Early detection is key to keeping cancer from spreading and improving chances of survival. However, there are simply too many types of cancer to efficiently screen in a cost-effective and timely way that’s comfortable for the patient. A recent article from The Conversation article discussed a new blood test that aims to change that. A so-called multicancer early detection test (MCED) has been a hot topic since President Biden’s Cancer Moonshot speech that announced a $1.8 billion dollar effort to improve cancer survival rates and the quality of life for those living with cancer.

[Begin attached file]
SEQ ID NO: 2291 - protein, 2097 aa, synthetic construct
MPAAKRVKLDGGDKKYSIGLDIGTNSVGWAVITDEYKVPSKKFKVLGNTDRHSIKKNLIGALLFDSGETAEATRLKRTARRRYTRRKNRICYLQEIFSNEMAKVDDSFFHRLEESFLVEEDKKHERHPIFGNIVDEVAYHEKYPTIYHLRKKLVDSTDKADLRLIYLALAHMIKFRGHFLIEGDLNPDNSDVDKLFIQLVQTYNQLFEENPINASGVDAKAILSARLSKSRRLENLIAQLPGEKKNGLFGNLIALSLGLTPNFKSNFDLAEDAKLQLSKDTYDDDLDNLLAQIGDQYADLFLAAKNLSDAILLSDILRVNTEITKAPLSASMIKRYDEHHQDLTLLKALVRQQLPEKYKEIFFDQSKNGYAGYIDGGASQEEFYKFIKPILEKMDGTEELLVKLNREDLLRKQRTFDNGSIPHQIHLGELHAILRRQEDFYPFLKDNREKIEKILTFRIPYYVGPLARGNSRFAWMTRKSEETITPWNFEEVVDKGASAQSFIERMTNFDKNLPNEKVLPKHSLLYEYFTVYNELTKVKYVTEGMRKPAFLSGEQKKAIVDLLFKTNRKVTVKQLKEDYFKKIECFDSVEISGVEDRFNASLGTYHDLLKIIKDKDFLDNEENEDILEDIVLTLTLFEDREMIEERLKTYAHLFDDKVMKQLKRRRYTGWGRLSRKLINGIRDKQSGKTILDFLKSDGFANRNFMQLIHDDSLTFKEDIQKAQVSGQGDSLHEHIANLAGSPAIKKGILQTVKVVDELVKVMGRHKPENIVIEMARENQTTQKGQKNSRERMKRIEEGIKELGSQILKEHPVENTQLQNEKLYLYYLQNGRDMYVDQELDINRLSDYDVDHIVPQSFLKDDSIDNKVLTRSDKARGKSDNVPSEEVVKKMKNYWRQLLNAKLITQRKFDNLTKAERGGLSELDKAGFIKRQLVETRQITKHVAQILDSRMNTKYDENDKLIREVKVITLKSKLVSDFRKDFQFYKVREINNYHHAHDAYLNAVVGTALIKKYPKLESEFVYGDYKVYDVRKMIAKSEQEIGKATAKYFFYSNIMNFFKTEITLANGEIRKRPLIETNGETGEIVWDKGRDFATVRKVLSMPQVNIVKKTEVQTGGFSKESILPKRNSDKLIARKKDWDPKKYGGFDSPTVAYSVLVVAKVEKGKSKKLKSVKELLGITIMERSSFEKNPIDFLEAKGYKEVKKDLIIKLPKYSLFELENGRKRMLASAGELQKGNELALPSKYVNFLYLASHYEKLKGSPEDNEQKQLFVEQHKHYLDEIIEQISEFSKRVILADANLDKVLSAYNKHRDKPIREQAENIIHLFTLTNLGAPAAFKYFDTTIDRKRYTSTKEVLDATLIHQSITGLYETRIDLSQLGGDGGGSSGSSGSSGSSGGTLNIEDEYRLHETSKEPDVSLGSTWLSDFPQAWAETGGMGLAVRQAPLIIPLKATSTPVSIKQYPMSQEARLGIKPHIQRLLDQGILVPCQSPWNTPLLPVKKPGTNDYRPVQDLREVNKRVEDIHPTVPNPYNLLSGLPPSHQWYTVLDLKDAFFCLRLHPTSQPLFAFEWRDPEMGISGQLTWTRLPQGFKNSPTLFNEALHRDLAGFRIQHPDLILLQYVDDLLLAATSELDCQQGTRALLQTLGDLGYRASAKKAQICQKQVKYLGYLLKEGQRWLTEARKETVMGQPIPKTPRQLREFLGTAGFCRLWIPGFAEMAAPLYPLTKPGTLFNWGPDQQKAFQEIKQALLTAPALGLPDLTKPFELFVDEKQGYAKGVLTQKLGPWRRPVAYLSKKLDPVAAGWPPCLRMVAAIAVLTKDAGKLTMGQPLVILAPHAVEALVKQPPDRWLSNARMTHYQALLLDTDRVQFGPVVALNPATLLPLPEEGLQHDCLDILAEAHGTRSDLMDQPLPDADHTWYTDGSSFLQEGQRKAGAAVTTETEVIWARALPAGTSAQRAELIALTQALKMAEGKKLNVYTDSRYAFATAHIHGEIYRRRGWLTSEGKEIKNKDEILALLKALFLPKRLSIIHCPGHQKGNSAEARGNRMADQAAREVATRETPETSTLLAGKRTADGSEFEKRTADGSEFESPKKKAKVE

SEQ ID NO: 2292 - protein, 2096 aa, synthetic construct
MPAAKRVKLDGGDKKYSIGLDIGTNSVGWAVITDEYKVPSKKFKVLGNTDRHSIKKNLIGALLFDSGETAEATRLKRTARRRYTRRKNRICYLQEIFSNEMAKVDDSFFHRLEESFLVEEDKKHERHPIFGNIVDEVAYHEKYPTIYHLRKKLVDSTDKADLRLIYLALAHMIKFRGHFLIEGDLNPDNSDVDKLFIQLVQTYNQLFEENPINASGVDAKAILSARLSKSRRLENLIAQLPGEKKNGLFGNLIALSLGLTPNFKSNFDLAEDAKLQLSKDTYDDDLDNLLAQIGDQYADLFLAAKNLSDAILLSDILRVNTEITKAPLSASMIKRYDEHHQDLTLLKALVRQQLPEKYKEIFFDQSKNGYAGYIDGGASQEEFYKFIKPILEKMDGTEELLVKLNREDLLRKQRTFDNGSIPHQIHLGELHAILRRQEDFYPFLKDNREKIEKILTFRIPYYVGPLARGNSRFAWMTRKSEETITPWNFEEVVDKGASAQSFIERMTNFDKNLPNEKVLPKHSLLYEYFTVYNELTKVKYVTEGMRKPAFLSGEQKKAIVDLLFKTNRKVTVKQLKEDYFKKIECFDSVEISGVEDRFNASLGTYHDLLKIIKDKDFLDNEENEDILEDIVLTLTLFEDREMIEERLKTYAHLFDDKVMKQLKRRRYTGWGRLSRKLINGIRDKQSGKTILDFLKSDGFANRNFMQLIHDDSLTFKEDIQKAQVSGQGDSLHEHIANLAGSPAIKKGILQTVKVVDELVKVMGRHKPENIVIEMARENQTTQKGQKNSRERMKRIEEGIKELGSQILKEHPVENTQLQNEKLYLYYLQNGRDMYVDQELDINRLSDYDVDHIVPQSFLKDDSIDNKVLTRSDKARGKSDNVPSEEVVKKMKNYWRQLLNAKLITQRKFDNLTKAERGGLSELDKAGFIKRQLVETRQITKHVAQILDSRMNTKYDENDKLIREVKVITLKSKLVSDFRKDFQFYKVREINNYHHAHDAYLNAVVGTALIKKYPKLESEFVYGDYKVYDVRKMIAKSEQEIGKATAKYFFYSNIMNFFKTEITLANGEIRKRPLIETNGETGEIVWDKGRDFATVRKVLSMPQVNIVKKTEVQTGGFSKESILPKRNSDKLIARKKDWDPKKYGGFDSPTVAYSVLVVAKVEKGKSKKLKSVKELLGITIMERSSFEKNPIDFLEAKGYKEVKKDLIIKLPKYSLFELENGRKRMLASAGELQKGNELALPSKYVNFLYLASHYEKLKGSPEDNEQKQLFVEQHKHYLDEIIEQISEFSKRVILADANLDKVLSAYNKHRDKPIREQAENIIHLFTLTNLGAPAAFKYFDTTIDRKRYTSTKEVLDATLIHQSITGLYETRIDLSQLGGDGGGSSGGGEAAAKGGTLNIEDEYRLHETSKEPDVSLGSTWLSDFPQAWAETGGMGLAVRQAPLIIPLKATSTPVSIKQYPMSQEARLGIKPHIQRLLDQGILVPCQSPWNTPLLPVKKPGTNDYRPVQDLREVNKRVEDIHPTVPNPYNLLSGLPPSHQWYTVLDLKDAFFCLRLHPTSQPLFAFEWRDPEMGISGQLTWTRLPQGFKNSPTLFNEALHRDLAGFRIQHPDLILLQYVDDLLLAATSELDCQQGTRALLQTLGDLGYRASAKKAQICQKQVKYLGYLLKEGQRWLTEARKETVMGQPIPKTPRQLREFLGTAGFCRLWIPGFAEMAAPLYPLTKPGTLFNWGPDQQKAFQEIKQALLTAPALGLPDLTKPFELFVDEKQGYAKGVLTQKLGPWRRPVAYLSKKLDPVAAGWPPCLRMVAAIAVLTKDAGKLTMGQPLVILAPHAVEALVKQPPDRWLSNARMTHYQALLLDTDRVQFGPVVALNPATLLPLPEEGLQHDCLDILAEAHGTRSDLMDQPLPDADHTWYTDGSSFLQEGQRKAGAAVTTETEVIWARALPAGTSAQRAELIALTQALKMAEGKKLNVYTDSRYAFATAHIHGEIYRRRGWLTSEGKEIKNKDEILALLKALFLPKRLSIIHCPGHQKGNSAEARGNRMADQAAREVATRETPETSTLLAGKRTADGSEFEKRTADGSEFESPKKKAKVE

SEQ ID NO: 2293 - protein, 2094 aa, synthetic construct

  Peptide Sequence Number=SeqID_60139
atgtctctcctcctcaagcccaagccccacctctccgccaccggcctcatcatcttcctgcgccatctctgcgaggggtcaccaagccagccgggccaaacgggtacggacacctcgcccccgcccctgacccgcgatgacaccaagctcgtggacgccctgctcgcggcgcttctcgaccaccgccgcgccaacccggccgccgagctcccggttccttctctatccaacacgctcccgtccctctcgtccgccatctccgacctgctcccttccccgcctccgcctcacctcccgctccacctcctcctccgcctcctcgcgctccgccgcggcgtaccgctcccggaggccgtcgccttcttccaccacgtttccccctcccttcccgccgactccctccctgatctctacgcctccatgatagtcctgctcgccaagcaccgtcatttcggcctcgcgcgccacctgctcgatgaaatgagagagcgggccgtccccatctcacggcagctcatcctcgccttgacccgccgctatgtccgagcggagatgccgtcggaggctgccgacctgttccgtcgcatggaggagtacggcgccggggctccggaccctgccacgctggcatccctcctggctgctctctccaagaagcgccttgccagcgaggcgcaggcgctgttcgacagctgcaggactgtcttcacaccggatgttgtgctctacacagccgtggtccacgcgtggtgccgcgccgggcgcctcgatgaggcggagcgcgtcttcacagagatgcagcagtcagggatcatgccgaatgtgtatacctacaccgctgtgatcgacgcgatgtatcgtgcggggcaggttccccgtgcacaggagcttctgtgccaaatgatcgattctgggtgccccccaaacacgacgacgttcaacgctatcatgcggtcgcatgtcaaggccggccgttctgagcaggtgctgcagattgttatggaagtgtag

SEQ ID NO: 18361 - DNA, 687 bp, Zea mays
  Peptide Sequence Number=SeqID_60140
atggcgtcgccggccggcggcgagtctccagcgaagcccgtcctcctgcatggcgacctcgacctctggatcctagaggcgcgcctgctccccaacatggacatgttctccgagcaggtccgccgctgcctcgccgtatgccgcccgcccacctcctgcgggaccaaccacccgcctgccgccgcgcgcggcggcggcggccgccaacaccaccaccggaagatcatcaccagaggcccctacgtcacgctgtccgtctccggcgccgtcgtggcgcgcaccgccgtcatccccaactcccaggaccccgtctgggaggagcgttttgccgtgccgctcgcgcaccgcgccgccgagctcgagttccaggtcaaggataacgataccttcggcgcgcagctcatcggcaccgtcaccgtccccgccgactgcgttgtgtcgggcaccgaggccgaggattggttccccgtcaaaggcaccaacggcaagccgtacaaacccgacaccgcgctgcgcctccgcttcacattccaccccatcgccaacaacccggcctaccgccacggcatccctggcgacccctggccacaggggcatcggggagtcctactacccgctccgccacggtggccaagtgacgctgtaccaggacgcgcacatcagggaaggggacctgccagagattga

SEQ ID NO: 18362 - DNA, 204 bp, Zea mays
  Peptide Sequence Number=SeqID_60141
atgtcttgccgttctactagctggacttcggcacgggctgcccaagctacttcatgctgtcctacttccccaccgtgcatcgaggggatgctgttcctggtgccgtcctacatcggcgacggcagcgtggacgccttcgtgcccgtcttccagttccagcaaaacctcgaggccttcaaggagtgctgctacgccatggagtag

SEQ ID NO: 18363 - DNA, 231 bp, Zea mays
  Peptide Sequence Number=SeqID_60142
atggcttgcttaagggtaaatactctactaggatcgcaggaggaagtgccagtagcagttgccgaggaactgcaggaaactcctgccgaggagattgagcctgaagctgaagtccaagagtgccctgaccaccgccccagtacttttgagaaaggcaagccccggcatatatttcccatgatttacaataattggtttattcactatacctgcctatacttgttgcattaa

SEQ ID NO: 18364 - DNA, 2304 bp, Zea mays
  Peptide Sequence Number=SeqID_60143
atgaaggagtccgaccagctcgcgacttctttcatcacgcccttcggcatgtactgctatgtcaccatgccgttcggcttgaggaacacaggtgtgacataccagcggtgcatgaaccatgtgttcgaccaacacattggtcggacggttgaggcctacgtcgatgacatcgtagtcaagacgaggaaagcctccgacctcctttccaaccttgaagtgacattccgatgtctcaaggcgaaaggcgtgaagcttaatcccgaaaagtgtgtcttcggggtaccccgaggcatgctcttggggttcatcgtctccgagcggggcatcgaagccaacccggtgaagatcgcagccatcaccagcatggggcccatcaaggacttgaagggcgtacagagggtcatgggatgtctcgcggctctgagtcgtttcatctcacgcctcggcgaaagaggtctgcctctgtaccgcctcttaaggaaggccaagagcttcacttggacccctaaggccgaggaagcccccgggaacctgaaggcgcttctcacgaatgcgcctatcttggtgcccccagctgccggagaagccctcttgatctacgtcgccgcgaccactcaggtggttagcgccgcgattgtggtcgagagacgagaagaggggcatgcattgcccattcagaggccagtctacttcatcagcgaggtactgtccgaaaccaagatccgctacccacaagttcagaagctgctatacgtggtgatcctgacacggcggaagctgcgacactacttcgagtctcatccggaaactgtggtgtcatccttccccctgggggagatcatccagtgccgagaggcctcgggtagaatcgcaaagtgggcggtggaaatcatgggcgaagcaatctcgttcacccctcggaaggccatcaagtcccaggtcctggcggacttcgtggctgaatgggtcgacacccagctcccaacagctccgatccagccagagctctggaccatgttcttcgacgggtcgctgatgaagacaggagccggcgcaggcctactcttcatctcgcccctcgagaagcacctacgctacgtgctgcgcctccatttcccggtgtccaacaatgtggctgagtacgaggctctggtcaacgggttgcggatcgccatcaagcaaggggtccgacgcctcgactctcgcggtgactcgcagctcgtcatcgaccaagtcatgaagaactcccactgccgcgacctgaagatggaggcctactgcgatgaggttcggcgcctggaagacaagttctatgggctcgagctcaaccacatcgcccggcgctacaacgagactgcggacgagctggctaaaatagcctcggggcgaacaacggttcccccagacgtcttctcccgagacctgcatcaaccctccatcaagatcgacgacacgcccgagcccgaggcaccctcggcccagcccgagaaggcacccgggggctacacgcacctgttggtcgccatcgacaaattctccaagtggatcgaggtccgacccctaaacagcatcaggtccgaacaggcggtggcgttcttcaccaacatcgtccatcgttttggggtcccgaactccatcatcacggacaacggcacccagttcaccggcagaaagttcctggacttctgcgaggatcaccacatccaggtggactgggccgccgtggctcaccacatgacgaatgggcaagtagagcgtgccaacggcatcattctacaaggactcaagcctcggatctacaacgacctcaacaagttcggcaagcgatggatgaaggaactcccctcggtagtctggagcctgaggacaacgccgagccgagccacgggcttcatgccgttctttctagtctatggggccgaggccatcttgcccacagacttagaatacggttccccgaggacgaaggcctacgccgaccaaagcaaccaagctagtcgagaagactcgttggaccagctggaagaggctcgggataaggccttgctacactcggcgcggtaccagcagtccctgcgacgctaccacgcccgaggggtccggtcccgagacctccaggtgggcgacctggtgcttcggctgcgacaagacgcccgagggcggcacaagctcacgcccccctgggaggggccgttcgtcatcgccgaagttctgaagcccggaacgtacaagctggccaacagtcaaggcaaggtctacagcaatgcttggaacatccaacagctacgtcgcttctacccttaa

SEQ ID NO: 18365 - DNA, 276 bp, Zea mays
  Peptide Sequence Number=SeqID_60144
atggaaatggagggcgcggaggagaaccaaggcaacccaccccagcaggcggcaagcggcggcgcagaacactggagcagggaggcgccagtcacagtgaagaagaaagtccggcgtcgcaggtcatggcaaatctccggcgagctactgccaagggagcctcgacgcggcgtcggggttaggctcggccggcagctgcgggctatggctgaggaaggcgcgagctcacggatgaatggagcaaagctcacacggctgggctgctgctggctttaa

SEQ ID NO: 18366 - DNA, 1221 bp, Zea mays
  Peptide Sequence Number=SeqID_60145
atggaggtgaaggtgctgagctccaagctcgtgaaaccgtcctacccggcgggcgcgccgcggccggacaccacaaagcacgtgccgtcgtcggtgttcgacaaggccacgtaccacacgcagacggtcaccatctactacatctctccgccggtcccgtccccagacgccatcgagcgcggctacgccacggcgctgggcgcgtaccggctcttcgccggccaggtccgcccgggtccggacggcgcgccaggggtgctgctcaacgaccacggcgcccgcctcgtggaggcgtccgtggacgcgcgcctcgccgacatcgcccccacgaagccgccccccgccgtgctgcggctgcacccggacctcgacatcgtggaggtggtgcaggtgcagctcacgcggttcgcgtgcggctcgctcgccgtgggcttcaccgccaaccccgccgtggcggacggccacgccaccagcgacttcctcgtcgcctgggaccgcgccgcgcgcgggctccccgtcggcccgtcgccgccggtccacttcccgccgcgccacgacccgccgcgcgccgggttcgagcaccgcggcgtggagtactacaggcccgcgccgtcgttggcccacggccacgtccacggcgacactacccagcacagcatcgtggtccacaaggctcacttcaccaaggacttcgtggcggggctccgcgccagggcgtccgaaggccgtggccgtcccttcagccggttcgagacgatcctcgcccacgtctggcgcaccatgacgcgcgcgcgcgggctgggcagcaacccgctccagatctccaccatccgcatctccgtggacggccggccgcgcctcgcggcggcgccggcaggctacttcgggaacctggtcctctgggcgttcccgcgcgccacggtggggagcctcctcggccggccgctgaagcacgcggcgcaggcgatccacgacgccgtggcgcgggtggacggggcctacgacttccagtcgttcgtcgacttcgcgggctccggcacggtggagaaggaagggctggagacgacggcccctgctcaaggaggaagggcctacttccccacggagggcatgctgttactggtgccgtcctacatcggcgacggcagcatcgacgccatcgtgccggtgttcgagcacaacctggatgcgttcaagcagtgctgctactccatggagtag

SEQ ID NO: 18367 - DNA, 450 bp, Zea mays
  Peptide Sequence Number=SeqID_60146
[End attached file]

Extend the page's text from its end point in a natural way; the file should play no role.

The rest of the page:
Now, there are several multicancer tests in development, but how do they work? All cells in the body release DNA into the bloodstream when they die, including tumor cells. MCED tests search for trace amounts of tumor cells in the bloodstream and are able to identify what kind of tissue it originated from and whether or not it’s cancerous or benign. These “liquid biopsies” aren’t new, but MCED tests are different in that they can detect early-stage cancer before tumor cell counts are high, which is akin to searching for a needle in a haystack. Newer tests are more sensitive and accurate as they focus on a “molecular barcode” embedded in cancer DNA identifies its origin tissue. Early clinical studies have shown promise that MCED tests could change the way we approach cancer screening, but whether our healthcare system is ready for them is another story. Here’s a video with more information on MCEDs.